Now, if you know me, you know I’m not particularly religious. I’ve always shied away from the word “faith,” as it has tended to mean such a specific thing, a thing that I believed misrepresented me and my philosophy. I do believe in “God,” and a spiritual element to the universe, but my definition of what God is probably doesn’t match the certainty that most religions have. A lot of times they tend to define God as a being, an individual who is separate, other than themselves and the world. Then they claim that we can never know him, or they try to re-connect with him in different ways. I believe God is a Giant sleeping in each of our hearts. He is one with the fire that sparks inside each of us, and not separate. He is very present in our lives at all times, even in the places that most church-goers would call unholy or unnatural. He understands and does not judge. He is the universe, and we are the first pieces of him to have the ability to open our eyes; the first pieces of the universe to be able to observe itself conscientiously.
But I agree with the religious on one thing: he works in mysterious ways. I don’t believe it was pure happenstance that a 20 second snippet of a documentary on ESPN contained two words that my wife and I still say to each other in troubling times. It is a kind of faith and I’m OK with that. I have added “Just Trust” to my armor against worry, but I still have to be reminded to put that armor on sometimes.
This quote from Robert Downey, Jr. will be a new notch in my totem to ward off worry, because it reminds me about the counterproductive nature of worry, at times. Worry doesn’t just make us unresponsive at the worst possible times, it can even be a self-fulfilling prophecy, causing the very thing that we worry about to happen. Here’s an example:
When I used to play disc golf a lot, I found a strange phenomenon happened. Those of you that play “real golf” can probably relate as well. A lot of holes would have a single tree right in the middle of the fairway, sometimes two or three. When I would line up on the tee pad and look down the fairway that tree would be the center of my attention. Which side of the tree do I aim for? Do I want to hug close to it, or curve around far to the right or left? I would assess and make my decision and throw, all the while thinking of that tree that I did NOT want to hit.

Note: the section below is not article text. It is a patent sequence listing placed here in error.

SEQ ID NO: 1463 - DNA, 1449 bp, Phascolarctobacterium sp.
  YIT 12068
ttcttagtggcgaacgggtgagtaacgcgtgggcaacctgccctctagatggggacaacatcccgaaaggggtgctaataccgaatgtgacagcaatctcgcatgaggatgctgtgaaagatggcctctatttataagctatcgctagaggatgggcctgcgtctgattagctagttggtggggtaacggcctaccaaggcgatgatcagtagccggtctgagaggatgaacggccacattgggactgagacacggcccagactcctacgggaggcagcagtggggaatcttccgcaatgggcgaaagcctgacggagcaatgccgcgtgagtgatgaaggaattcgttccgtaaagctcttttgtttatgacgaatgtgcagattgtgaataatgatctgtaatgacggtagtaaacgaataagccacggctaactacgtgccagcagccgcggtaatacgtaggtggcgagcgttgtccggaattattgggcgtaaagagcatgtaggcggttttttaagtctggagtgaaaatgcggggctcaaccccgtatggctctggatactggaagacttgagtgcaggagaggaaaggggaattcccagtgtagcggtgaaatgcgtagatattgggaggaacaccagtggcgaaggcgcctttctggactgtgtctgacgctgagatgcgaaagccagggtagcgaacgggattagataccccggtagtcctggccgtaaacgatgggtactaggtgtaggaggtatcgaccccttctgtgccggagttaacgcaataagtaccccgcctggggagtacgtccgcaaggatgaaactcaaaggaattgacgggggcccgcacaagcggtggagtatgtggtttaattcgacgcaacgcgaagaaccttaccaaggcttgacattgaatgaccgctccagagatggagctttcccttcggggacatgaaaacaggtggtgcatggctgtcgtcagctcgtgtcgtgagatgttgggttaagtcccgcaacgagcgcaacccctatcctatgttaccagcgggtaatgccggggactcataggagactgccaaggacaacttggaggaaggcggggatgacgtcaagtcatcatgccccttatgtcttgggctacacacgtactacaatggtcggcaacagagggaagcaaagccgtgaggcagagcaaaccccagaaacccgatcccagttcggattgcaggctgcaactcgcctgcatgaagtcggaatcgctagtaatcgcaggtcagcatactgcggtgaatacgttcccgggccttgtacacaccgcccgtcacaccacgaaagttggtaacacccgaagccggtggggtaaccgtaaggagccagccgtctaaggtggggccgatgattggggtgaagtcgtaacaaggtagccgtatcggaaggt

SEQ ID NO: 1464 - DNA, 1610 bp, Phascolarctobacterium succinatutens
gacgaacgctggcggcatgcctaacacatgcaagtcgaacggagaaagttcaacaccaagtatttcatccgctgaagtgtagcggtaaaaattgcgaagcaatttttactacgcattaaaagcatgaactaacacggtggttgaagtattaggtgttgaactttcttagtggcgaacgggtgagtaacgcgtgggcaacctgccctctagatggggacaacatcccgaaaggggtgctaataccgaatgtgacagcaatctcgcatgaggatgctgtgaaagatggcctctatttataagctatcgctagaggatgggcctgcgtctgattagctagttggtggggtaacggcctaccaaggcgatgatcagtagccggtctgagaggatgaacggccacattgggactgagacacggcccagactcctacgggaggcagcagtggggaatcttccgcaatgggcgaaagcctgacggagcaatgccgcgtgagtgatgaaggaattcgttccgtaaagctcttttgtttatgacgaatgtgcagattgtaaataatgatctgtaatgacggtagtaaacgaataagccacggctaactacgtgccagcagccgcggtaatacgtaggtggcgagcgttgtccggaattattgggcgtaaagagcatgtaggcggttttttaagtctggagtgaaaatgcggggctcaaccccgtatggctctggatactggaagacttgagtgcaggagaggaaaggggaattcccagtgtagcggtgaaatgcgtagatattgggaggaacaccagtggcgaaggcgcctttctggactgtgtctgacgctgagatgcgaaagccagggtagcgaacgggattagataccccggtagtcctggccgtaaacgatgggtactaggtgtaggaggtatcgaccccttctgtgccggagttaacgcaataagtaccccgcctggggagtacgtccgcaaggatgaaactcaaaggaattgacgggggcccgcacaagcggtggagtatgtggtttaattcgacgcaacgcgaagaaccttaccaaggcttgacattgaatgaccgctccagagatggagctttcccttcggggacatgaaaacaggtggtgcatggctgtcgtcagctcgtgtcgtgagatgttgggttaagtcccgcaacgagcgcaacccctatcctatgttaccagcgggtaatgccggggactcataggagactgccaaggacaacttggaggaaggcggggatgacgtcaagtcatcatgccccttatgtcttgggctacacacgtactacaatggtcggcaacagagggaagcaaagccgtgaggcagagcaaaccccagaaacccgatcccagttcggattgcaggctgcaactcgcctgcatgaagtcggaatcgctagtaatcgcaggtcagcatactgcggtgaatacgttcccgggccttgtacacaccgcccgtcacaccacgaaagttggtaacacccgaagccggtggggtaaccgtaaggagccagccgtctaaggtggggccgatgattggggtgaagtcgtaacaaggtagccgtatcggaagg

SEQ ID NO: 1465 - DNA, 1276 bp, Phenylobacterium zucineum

I would hit the tree dead center almost every time that I used this approach. It was uncanny how dead on my aim would be when I focused on that obstacle and tried to plan for missing it. The problem was that I wasn’t trying to shoot for the basket where I should have been aiming. All of my focus was on missing that tree.
All of my focus was on that tree…
Which brings us back to Mr. Downey’s beautiful observation. I was so worried that I would hit the tree that it was like I was praying for it to happen.
Focus on your goal, not on your obstacles. Just Trust. These are easy things to say, but harder to do. I’ll be trying to reset my mind as often as possible, but quotes like Robert Downey, Jr.’s and moments like the one that gave me “Just Trust” will be my sustenance in the ongoing battle to maintain peace and keep up the fight against worry. I hope you can find your sustenance if you are a victim of worry like I am. Keep your eyes and ears open and Just Trust.